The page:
Consider Bardwell Farm ,VT
It’s almost a shame to single out one cheese maker in the state of Vermont, as so many are dotting the land and creating marvelous products. Nonetheless, Consider Bardwell, name after its founder and started in 1864, has a special feel and taste. If Diane Keaton had decided to make cheese and not baby food in the famous 1987 Baby boom movie, Consider Bardwell would have been her empire. Instead it is the inspiration of high-powered literary agent Angela Miller and her architect husband, perfectly illustrated in her memoir, "Hay Fever: How Chasing a Dream in Vermont changed my life". What could have been a hobby, became a true high quality cheese making operation available on NYC farmers markets.
Rely on the cheesemonger, such as Peter, who will tell you the flavor profile based on the season, if not the name of the goat that provided the milk. At minimum, you will learn Vermont geography as each cheese takes its name from a village that you would enjoy discovering on a road trip.
A reliable Alpine cheese, he is a go to to appreciate bite by bite as its complexity develops with age.
The raw and rustic flavors of the Vermont hills will take all your senses. Nutty and earthy, its availability depends on the season, so enjoy it at its peak.
Its strong and pungent presence makes it a perfect highlight for a little green lettuce to end the day on a light dinner, glass of wine and fresh baked sourdough bread recommended.
Vermont is cheese lover's paradise and skier's heaven. It's also the best place to relax. From a visit at Hildene, the Lincoln family home, to the Orvis fishing store in Manchester, there is something for every one. Or may be you prefer to ski Stratton, or face heaven for the sweet tooth at the Weston Village Store.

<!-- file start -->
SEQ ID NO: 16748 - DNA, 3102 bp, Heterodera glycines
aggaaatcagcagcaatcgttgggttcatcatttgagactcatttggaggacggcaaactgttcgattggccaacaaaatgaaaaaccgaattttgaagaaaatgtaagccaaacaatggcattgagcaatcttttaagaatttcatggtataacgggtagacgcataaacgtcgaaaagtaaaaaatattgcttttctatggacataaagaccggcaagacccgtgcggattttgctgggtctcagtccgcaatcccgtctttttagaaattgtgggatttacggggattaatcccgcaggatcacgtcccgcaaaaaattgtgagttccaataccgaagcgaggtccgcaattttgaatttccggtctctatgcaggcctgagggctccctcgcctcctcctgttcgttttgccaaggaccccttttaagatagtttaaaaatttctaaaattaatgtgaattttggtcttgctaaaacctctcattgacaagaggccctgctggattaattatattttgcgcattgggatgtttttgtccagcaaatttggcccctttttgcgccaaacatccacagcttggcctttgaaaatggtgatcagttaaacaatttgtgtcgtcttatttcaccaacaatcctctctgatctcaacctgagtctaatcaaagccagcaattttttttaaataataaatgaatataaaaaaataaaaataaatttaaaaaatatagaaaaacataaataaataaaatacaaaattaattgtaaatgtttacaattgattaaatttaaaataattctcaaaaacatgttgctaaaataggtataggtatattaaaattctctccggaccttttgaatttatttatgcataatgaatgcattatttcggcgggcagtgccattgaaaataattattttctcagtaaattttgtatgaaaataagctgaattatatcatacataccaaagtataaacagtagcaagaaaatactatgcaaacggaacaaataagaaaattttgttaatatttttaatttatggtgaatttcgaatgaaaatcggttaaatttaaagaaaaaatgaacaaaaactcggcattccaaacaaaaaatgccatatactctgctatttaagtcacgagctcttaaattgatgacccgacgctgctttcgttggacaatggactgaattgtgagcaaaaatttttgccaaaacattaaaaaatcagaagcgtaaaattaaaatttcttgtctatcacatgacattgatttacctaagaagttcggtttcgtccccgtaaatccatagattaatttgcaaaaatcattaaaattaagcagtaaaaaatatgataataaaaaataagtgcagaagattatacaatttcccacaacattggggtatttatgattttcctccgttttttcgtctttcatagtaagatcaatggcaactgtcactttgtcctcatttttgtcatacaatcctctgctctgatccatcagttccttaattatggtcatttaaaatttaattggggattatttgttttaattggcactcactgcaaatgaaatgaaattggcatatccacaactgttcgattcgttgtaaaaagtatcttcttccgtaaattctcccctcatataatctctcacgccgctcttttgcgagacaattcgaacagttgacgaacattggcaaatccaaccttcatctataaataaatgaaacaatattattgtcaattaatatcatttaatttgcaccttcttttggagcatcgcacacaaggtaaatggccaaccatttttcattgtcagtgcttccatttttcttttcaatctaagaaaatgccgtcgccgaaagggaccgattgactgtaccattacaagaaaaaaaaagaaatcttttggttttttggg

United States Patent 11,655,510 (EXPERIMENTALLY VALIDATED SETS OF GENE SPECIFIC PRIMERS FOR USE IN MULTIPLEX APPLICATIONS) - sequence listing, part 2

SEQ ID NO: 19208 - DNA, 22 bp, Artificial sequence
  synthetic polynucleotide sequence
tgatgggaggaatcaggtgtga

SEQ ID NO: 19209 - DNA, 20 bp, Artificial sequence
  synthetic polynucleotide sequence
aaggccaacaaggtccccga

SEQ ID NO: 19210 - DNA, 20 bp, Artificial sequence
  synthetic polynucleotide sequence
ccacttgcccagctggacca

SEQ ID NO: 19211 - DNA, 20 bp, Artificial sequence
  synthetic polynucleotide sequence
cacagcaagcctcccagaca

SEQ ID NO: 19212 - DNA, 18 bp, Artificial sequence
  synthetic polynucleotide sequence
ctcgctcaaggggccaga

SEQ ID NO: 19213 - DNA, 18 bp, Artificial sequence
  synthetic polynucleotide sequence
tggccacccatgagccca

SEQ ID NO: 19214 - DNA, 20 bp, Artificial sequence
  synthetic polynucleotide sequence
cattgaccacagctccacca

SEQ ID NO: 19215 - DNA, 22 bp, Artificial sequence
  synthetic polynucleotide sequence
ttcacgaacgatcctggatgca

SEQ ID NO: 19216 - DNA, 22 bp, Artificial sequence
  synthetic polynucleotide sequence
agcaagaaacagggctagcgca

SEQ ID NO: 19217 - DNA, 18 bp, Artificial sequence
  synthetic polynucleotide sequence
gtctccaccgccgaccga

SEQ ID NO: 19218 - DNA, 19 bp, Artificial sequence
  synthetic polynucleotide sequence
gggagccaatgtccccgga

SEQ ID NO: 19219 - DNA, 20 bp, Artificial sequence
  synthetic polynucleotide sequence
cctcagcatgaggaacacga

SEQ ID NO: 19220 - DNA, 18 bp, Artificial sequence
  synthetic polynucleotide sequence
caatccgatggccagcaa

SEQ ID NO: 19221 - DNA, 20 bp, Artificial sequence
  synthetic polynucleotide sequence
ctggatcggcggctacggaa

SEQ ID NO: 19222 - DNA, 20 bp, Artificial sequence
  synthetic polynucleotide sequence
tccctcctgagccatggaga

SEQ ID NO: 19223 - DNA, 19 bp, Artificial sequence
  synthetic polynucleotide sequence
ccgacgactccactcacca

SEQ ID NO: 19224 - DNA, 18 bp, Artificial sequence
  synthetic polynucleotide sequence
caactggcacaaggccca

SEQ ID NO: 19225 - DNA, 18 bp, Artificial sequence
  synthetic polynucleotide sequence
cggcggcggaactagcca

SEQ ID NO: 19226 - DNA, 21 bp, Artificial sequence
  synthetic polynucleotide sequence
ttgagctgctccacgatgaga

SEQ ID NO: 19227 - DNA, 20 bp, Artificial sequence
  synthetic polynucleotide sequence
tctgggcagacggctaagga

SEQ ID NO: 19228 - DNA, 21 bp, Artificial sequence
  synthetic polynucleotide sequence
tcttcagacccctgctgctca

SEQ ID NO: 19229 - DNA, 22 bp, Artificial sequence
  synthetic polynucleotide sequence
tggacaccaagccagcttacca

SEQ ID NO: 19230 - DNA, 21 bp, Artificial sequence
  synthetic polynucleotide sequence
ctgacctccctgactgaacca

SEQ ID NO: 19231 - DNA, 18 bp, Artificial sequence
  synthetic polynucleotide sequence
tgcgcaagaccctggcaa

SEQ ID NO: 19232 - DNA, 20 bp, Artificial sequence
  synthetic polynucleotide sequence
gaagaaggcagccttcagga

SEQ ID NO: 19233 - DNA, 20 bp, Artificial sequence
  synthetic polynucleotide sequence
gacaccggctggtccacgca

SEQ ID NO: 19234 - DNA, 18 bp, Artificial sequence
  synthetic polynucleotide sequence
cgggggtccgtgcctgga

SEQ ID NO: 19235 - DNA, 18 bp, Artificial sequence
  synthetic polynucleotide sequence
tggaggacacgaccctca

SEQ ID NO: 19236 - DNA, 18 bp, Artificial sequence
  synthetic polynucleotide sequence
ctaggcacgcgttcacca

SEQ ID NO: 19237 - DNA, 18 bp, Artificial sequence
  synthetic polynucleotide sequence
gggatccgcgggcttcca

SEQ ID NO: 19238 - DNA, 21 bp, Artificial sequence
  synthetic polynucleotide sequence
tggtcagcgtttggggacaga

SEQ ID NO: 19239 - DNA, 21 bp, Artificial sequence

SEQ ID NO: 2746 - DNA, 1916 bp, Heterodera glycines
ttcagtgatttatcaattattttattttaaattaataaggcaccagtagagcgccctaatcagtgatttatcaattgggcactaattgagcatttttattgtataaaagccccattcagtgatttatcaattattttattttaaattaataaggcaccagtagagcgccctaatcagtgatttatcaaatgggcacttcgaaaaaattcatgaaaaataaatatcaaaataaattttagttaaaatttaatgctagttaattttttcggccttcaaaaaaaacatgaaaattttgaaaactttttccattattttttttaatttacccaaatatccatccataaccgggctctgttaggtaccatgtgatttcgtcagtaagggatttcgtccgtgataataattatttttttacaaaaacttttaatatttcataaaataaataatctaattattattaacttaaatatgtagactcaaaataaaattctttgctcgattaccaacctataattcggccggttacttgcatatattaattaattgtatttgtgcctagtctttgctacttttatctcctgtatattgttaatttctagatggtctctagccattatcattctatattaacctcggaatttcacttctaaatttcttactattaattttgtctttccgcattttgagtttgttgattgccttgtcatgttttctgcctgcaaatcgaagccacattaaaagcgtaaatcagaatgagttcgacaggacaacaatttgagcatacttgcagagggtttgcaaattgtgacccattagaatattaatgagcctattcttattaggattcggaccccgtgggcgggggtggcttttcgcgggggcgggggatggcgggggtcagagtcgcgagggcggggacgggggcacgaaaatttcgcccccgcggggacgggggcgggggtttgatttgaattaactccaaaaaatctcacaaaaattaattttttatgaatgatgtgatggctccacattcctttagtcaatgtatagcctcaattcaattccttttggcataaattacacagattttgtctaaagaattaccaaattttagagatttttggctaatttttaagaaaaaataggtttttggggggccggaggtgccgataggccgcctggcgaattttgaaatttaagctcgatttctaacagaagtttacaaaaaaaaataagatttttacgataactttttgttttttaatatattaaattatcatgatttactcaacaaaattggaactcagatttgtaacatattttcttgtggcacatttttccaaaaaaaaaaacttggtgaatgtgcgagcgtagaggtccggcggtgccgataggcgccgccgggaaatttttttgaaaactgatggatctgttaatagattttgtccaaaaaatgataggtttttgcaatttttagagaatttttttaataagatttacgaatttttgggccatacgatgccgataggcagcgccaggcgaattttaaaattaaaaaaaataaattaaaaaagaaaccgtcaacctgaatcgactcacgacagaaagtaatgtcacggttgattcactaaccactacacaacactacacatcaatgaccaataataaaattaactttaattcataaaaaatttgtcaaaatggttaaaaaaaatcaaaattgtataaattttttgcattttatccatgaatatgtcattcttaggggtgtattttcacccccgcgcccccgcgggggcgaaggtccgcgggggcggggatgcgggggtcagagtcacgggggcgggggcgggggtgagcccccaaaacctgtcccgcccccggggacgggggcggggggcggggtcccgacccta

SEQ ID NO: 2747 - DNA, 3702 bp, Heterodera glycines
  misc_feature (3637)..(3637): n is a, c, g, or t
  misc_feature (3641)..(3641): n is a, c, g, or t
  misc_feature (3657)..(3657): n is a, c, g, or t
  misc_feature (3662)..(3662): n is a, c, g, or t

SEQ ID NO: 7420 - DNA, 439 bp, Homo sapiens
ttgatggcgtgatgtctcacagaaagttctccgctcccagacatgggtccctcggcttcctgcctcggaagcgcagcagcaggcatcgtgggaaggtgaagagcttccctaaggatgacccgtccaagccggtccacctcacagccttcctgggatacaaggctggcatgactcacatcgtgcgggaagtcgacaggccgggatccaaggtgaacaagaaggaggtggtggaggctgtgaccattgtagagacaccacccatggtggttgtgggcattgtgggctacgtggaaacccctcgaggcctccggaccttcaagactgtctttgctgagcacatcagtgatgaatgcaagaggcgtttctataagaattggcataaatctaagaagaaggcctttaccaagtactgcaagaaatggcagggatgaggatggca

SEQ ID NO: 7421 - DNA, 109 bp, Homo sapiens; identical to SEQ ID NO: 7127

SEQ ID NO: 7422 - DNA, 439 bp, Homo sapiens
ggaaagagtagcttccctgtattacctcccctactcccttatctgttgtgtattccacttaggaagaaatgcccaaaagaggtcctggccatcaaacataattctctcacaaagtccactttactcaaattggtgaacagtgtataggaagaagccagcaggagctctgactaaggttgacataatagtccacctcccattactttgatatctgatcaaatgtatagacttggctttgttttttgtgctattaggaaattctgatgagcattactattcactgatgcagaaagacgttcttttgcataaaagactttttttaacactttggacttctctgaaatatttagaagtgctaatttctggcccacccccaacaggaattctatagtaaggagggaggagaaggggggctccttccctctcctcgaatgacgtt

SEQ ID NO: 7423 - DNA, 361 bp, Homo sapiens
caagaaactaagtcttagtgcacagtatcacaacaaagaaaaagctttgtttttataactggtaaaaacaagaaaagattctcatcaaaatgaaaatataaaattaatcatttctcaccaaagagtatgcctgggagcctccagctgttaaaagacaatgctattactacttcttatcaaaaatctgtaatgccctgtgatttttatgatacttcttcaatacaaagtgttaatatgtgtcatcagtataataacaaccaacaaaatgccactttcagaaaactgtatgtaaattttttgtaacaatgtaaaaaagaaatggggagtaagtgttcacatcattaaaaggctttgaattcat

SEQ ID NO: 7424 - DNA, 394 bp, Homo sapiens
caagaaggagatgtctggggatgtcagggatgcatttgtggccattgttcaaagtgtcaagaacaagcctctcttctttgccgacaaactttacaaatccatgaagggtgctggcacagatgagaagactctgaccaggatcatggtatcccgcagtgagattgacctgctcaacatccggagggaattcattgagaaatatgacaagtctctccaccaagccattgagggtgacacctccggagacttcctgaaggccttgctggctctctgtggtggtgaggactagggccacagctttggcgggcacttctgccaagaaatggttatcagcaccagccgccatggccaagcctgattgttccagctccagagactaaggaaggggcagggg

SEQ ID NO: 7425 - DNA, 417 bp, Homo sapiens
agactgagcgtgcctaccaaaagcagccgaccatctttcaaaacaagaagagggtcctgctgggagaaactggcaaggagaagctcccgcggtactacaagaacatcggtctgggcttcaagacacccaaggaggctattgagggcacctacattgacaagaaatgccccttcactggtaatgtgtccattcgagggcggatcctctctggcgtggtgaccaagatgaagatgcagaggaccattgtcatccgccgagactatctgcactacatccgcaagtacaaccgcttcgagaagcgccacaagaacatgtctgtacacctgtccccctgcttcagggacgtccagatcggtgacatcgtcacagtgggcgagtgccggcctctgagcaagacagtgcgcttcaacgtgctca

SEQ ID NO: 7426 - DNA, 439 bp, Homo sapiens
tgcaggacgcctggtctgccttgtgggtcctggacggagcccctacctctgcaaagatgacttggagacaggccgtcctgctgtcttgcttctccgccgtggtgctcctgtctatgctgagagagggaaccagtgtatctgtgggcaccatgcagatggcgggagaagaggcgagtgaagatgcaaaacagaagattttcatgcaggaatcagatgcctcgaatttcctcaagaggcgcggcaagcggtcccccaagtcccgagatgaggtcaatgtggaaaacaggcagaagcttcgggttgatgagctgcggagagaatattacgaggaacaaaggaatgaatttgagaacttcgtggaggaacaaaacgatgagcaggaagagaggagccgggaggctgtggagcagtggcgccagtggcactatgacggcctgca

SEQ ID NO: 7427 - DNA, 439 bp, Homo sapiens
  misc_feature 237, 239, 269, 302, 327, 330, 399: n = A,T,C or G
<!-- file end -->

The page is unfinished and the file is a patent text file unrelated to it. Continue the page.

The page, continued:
Asgaard Farm & Dairy, NY
Our latest discovery seems to be coming from the great northern territories, with a name that would feel at home in Iceland or Norway, as it's name means the heavenly residence for the gods. Not as far, it’s located in the great Adirondack park, almost at the Canadian border. As any respected New York foodies, we easily drive there just to their unique “barkeater buche”.
As a bonus, you can enjoy a farm stay, and be inspired by the same vistas that drew original owner, artist Rockwell Kent. Watch video >>> https://mountainlake.org/goat-cheese-lovers-and-rockwell-kent-pilgrims-head-to-asgaard-farm/
We discovered it as it started aging; the log is so creamy and buttery, the flavor develops throughout the buche, and you get on a special bridge between the Loire Valley that inspired it, and the High Peaks that made it happen.
Whiteface moutain & Tomme
We can’t wait to go back and try the Whiteface mountain pyramid, named after the namesake local peak, or the robust Tomme.
That's the toughest one, as we don't really want to give out all our secrets. Look at these pictures; the High Peaks region is our little hidden paradise. You want to know more about it, drop us an email and we will share one on one. It will cost you a lot of cheese!